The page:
Saturday, January 24, 2015

Climate Change


This lil ole blog thing has taken on a life of its own.  I didn't mean for it to become a snarky retort -- and I don't even mean for it to sound that way when I reference it in what can be misconstrued as a snarky retort -- but it is certainly much more than I thought it ever would be.  Just yesterday, a fellow teacher asked me why it seemed that so many young teachers act like they know it all?

Before I knew it, I heard the dreaded words:  "Don't you read my blog?"  

Those of you who have been reading the spewings from my brain for months know that despite 16 years of gifted education, I feel less like a master teacher every single day.  So much so that this blog is aptly named to reflect any possibility of misnomer.  For more seasoned teachers, the presumption of having gleaned all necessary knowledge at the feet of professors in college and a few stints in classrooms as observers or student teachers is preposterous.  

Yet I can't help but wonder if this new outward optimism and competency is an act being taught, to keep teachers from what would otherwise be an overwhelming pit of despair.

The Te@chthought Blog Challenge for today:

What do you do to help your students learn in a climate of optimism and hope? Do you have a successful strategy you can share? 

We've all heard the warnings:  
  • Don't act scared around a potentially violent animal, for it will, assuredly, sense your fear and make you a target.
  • Nursing mothers should relax and everything will be fine.  (While worrying about the nourishment, nurture, comfort, and very life of their child.  Sure.)
  • Don't run when you're on fire.  (Stop, Drop, and Roll.  Flippy the Clown says so)
 You get the idea.  The very thing that you most instinctively do in any given situation is the exact opposite of what is best.  Certainly the idea of showing anything less than complete competency should not be an option for new teachers staring down two dozen or so students who are just looking for a crack in the armor.  Optimism and hope are the two most difficult emotions to fake, and the two most necessary emotions and environments to cultivate in a classroom. 

So what do I do to foster a climate of optimism and hope? 

  • My room is clearly not mine.  The students in room C 108 know that we are all in it together, and that the room itself conspires against us.  (Take, for example, they lying thermostat that assuredly reports a comfy 68 - 71 degrees from the protected confines of its locked lucite protected shell, while everyone in the room has chattering teeth.)  When kids complain about the temperature, I commiserate -- and offer them a blanket.  There are stacks in the closet, and they know that they are there.  A couple of times a month I drag them home and run them through a sanitize cycle, and haul them back to school.  The message is simple:  it's difficult to learn when you're distracted, and if being warmer makes you more focused, I care enough to make that happen.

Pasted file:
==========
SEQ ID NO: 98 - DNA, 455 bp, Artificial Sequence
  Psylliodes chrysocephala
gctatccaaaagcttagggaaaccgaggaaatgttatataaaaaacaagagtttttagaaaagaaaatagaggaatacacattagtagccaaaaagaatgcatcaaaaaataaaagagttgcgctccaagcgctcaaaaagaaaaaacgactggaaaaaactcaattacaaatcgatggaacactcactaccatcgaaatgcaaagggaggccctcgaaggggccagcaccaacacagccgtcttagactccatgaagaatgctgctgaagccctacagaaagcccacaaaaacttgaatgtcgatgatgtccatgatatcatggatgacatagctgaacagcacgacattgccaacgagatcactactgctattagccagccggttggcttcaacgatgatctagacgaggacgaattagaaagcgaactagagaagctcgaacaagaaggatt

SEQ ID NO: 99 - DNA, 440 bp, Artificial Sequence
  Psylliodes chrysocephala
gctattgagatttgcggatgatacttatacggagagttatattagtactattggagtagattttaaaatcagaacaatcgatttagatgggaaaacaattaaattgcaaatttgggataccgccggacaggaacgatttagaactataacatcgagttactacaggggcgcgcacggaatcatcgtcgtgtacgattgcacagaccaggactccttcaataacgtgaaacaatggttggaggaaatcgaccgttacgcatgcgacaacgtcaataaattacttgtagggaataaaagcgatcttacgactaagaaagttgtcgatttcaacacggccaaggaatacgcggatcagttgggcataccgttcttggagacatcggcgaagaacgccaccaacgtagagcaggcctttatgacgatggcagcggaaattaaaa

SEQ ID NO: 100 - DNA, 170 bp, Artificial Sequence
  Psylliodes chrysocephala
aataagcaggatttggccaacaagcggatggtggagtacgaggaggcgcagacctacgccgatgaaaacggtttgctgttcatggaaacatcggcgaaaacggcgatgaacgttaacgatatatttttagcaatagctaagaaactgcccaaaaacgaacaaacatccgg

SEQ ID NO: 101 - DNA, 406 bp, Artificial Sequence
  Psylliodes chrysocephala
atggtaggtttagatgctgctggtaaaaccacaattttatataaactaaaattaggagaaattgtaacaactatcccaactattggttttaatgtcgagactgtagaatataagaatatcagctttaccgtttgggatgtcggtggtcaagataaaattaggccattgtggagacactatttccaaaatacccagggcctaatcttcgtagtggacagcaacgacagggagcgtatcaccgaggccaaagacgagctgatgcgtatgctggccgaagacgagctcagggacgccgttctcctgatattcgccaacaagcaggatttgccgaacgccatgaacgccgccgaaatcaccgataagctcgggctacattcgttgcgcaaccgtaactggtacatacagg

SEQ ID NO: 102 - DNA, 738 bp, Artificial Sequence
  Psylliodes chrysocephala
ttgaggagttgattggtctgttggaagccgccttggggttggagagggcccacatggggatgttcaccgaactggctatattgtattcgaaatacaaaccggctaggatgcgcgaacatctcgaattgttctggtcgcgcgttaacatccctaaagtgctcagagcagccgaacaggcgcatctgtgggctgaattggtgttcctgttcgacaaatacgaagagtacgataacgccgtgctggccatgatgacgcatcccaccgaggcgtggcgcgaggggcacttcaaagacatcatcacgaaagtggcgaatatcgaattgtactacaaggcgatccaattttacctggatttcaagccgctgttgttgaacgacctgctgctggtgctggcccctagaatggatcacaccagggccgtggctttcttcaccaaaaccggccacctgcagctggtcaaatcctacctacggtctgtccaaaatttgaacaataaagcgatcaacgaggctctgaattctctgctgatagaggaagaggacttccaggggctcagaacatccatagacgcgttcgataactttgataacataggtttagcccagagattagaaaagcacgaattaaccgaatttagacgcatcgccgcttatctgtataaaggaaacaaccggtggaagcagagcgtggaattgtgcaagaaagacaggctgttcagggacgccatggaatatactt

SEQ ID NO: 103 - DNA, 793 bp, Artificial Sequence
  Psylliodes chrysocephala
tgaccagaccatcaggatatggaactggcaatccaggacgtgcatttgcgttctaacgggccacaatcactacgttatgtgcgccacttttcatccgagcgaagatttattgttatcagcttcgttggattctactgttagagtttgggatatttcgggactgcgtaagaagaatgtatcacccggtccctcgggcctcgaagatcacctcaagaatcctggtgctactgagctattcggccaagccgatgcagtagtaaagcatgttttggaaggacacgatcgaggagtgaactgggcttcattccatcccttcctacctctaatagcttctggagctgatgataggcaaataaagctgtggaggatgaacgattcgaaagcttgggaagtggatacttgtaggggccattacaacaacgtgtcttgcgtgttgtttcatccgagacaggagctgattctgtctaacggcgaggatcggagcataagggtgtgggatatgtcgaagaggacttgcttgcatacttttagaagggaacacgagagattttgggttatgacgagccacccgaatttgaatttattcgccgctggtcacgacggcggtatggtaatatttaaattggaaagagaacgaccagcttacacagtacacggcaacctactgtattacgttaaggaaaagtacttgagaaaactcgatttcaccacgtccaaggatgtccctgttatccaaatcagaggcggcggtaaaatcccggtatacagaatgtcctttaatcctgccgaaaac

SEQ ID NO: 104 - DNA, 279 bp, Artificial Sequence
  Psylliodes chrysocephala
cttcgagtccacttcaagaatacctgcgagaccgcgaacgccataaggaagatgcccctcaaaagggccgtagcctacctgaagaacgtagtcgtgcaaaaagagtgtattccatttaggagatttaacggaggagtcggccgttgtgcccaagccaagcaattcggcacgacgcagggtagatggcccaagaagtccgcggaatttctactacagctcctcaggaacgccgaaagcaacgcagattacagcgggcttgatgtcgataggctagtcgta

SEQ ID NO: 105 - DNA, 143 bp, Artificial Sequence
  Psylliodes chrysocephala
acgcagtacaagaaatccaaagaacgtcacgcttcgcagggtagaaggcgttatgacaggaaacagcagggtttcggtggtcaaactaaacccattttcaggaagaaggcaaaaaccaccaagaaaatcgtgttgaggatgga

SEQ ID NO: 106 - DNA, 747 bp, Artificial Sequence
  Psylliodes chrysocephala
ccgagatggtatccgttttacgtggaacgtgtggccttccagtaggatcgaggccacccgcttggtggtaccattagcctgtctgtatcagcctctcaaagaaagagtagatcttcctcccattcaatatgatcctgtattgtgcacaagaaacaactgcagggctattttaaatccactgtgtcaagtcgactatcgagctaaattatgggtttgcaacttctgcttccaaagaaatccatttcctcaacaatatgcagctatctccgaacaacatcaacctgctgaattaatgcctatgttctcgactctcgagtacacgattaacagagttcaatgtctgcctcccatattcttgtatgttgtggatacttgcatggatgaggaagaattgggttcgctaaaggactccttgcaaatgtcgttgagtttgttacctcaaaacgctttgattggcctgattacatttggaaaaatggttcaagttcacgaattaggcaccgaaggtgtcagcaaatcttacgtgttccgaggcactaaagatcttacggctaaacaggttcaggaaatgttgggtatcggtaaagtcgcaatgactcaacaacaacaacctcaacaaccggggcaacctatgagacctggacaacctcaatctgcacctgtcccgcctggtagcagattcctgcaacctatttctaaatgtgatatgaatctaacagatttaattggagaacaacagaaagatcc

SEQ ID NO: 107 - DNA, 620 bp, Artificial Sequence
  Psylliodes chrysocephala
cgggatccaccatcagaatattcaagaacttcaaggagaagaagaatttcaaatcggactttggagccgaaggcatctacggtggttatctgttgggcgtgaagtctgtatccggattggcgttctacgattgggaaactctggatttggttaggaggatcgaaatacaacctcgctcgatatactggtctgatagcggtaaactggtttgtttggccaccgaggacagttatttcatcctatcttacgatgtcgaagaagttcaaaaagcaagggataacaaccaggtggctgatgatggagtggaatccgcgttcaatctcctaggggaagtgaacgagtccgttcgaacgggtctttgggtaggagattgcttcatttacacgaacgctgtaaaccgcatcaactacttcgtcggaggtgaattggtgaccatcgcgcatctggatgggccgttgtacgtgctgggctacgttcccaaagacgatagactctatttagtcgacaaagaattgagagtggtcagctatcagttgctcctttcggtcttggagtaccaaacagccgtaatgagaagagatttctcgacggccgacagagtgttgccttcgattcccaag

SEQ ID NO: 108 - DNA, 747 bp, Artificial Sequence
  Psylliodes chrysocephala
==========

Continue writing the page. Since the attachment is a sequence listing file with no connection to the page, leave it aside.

•  Due dates are arbitrary.  As teachers, we have to admit, if only to ourselves, that the due dates we choose for major assignments are usually designed to fall around extended weekends that will allow for marathon grading.  This semester, I'm asking all of my students to be aware of all of the necessary assignments, so that there is a clear understanding of what needs to be accomplished by the end of the year.  If someone realizes that the same week that my big research paper is due coincides with the speech in Spanish, the midterm in math, and the giant art project, then a simple discussion to adjust deadlines is warranted.  But it is up to the students to initiate the conversation and offer a solution.
  • We are a team in the learning process.  Showing respect for each other, for work produced, and for property demonstrates maturity and responsibility.  Once I've seen a level of commitment in my students, they can count on me to be an advocate for them - not just in my room, but beyond.
  • I make phone calls home.  I actually made a mother cry one time when I called to tell her how much I enjoyed the honesty and humor of her son.  Imagine having a child who, for ten straight years, only ever generated negative calls from the school.  She was stunned when I told her that I was calling with an idea for a job shadow for her son.  By the time we got off the phone, I was crying, too.  
Optimism and hope?  Maybe it's taught to new teachers to protect them from admitting to uncertainty.  Maybe it's fostered in the reflections of older teachers who write blogs, or maybe it's cultivated in the relationships between teachers supporting each other in collaborative discussions at lunch or in empty classrooms after school. 

Whatever it is, and wherever it's cultivated, it is clearly the key to surviving the present, and making thoughtful, more productive citizens of us all.

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